I would rate "Tattoo" the best, followed by "Hornet" and then "Fire".
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5 of 6 people found the following review helpful
on August 29, 2010
The second part of the movie adaptation of the Millennium trilogy is not a bad movie, but compared with the first installment (which I loved), it is quite murky and confusing (this was made by a different dirctor; if you haven't seen the first film many scenes are probably close to incomprehensible). Soon after the movie starts, Lisbeth Salander is on the run as she is accused of a murder she did not commit, chased not just by the police but also by a blond giant umpervious to pain that seems to be out from a role as a villain in a James Bond movie. Eventually, a man belonging to Lisbeth's past seems to be behind much of her troubles. Meanwhile, a second plotline (loosely connected with the first one) has a young colleague of Mikael Blomkvist along with his fiancé murdered when they were writing an expose of the international sex trade. Blomkvist has no choice but to continue their investigation. Fast, but much of what happens is too ugly to be very entertaining. Unlike the first part, this one ends in an inconclusive manner, with a lot of loose ends that will presumably be cleared up in the third part.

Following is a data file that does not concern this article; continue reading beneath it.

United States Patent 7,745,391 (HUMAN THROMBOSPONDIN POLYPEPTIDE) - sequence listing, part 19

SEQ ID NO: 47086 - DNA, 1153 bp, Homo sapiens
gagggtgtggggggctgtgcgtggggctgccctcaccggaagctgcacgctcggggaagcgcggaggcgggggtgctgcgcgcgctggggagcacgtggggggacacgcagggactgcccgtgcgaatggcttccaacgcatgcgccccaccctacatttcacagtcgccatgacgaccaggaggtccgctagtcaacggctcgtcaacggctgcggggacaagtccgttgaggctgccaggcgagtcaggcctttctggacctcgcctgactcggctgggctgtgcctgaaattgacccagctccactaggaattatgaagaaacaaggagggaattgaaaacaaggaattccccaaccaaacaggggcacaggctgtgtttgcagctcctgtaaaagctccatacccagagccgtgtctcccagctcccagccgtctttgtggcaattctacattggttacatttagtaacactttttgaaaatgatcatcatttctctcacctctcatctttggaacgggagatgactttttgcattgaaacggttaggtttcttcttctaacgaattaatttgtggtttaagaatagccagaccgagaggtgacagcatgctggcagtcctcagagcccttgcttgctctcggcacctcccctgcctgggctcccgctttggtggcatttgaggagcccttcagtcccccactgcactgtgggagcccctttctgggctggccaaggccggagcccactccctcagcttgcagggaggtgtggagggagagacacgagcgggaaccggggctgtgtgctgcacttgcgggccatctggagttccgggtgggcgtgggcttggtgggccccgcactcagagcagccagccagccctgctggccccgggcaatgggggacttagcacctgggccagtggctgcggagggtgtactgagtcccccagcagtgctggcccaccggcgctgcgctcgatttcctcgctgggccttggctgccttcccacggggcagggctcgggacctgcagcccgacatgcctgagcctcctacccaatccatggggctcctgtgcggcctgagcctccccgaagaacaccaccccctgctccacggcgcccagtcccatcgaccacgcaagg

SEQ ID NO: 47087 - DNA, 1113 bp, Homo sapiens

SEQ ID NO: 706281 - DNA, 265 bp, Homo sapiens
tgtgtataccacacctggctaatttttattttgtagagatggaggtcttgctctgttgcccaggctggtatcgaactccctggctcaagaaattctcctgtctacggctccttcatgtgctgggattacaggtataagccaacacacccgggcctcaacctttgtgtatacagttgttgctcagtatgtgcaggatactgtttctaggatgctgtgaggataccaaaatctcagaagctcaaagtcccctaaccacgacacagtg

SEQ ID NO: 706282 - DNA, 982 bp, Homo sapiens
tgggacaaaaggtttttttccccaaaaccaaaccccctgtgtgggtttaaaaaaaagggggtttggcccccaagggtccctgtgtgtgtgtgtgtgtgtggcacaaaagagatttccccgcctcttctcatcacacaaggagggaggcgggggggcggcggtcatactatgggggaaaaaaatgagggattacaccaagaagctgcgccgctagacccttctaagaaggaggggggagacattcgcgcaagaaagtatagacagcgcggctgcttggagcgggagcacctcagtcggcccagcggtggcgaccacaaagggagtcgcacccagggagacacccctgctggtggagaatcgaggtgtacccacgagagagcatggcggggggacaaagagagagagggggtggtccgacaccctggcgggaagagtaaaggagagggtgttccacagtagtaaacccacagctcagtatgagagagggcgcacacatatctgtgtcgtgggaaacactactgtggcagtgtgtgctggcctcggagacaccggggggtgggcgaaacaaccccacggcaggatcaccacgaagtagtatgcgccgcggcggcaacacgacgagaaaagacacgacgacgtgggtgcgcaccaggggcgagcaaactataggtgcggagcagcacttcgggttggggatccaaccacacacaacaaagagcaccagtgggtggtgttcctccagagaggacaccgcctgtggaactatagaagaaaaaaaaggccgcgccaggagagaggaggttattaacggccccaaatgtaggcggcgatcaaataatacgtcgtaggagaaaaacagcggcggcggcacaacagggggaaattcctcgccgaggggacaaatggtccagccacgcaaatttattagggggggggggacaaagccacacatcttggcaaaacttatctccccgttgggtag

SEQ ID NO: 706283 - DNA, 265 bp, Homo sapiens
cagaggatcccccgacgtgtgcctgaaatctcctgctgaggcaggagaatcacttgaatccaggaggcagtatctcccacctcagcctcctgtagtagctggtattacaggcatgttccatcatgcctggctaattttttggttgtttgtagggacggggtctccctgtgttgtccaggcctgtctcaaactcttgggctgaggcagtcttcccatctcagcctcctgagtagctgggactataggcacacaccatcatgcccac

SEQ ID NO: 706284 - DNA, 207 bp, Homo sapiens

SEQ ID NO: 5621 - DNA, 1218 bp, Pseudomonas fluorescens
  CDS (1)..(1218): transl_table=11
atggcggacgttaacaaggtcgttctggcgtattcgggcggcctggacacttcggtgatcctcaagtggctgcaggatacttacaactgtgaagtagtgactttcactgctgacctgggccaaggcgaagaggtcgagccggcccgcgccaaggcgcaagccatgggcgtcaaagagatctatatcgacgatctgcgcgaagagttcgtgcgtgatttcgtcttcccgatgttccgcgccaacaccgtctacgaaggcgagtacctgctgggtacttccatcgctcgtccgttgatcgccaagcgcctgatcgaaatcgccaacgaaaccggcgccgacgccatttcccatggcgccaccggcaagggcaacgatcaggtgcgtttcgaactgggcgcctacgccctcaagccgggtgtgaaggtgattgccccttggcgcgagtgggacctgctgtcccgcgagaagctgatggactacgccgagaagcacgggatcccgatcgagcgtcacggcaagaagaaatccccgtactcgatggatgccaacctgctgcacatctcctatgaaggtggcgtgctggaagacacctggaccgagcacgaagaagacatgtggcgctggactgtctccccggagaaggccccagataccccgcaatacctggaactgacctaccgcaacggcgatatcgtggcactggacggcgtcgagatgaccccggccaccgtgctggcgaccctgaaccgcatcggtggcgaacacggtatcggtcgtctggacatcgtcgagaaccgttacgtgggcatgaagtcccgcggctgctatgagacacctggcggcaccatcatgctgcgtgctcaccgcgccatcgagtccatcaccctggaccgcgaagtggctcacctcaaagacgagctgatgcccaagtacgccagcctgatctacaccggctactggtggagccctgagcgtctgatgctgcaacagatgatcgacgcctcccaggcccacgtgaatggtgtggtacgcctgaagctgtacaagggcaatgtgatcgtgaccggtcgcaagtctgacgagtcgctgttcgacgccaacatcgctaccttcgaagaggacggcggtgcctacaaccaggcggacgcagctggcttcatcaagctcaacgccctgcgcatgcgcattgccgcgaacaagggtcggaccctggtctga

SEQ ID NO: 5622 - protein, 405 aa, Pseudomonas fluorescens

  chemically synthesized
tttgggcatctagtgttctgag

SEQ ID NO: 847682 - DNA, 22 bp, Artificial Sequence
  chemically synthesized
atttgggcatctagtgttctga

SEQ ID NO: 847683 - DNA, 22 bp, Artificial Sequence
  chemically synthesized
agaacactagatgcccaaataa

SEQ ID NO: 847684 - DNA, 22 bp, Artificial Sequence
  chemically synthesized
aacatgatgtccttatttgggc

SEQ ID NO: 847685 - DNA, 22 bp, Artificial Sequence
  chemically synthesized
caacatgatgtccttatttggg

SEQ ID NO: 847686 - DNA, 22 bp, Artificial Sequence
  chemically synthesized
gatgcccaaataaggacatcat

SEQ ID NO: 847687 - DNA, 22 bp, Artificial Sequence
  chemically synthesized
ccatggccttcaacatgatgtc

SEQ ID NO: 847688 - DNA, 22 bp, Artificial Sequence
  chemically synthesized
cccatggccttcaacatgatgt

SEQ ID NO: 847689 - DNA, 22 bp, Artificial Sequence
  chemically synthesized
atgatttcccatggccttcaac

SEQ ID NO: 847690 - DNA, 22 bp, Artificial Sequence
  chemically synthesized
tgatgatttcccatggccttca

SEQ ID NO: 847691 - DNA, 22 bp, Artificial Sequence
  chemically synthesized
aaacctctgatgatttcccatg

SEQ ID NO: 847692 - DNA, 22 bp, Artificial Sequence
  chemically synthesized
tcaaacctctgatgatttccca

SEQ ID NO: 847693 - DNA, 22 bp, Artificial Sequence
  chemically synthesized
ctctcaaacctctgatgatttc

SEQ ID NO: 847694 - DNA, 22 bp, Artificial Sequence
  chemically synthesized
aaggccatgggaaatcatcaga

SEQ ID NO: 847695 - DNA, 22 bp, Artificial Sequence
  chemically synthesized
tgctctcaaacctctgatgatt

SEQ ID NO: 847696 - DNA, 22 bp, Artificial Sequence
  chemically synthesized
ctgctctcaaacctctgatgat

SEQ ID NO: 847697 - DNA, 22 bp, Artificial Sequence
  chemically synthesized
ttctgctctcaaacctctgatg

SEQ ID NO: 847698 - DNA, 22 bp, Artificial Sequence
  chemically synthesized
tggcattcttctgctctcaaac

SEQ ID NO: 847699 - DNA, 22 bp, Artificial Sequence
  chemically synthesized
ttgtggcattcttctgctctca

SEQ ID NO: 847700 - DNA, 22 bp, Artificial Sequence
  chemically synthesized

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3 of 3 people found the following review helpful
VINE VOICEon February 24, 2011
While this is a nice continuation from "The Girl With the Dragon Tattoo", it didn't have the same impact for me as the first movie. I felt it was rushed and all the information you needed was not provided on how things hooked up between the new journalist and Lisbeth. It did however provide background information into Lisbeth's mindset and what happened to her. Some parts I didn't feel were believable, but it did keep my interest far enough for me to want to see the last installment.
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2 of 2 people found the following review helpful
on January 20, 2014
As a matter of clarification, I would point out that I would prefer a subtitled movie to a dubbed movie every day. This movie is no exception. The dubbing is not great also, and the voices dont match the characters themselves.

As a movie, this one was not as good as the first one. As outlandish as the first movie was, the story was believable. This one teeters on the brink of unbelievability and makes a good movie almost laughable at points. At least its not as bad as the third one though!
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2 of 2 people found the following review helpful
on January 11, 2013